In my work and research into strategic positioning of casino resorts, I repeatedly hear the same message that casinos are not selling the opportunity to play a game or stay in a resort—they are selling “an experience” to the customer.
Las Vegas had 43 million visitors last year, with hundreds of millions of “experiences” sold. Not all of these were created or curated by the casino resort operators, but it is clear that aspects of “the Las Vegas experience” work very well.
The late management guru Peter Drucker once claimed that the aim of marketing is to know and understand the customer so well the product or service fits him and sells itself, and we are at a stage where casino operators understand who their customers are in a way that few other industries do.
At the core of strategic marketing is the customer. Our businesses must place customer centrality at the core of all that we do.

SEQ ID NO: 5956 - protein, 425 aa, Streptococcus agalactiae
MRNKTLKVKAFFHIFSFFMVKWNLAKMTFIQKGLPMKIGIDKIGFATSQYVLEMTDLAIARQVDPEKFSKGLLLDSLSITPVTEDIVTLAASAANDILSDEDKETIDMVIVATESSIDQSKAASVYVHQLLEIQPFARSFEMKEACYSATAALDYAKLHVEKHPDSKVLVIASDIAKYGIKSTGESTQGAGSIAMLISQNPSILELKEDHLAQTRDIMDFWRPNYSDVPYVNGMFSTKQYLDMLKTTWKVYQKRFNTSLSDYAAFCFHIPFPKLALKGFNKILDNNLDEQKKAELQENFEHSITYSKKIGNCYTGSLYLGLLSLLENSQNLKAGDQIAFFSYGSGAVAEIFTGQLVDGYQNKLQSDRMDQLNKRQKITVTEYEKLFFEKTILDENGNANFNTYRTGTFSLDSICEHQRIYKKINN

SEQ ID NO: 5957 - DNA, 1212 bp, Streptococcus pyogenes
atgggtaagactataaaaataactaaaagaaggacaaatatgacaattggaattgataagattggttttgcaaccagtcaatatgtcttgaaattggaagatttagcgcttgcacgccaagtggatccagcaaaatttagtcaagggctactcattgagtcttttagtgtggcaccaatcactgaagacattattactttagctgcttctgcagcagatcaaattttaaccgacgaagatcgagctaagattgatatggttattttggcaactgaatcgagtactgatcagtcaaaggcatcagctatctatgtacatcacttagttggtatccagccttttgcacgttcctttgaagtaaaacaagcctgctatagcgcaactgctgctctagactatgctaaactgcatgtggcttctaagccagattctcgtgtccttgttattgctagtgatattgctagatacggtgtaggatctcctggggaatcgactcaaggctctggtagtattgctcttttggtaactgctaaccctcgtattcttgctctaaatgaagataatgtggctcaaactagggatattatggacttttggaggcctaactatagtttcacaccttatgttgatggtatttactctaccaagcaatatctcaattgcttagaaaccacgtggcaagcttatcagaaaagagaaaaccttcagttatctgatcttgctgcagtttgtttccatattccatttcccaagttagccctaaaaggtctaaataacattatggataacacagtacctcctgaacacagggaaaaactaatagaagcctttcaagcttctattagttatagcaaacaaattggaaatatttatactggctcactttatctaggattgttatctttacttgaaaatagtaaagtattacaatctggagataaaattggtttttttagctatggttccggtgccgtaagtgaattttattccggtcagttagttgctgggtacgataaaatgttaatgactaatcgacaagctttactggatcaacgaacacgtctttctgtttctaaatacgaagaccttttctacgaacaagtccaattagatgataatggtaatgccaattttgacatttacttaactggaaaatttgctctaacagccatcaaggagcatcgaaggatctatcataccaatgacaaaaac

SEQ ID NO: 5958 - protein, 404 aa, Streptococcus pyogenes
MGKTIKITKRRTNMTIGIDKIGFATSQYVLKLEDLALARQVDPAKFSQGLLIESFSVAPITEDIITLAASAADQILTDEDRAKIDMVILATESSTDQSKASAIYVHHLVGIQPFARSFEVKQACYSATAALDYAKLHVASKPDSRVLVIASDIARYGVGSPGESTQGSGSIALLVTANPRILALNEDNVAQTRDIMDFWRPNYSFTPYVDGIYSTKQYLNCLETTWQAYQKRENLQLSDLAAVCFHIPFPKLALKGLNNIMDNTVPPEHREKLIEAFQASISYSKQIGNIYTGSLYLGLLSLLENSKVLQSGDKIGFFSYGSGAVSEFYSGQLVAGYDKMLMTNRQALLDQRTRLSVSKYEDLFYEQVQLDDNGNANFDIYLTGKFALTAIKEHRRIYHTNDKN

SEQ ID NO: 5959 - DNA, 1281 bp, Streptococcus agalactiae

The proportion of first-time visitors to Las Vegas has ranged from 14 percent to 19 percent in recent years, thus implying over 80 percent of visitors each year are repeat visitors. I estimate that this imbalance between new and repeat customers will reflect casino visitation across the U.S.
Of the new visitors, most or all will have a perception of what Las Vegas is through external media or general consciousness; the brand of Las Vegas and what a casino is, is universal. Yet, with so many return customers and so many businesses selling what is effectively the same product, to the same customers, at the same price, the marketing strategies need to be more sophisticated.
There are drivers of differentiation, but fewer than in many industries. So, how can the operators achieve strategic competitive advantage?
Disregarding the Established Rules to Find Transactional Loyalty
Classical competitive strategy theory, advanced by the likes of Michael Porter, advocates price leadership and differentiation as key success drivers, but these are not valid in Las Vegas. Price leadership strategies have been used by a range of casinos that can now only be visited in the Neon Museum, home of signs of closed casinos.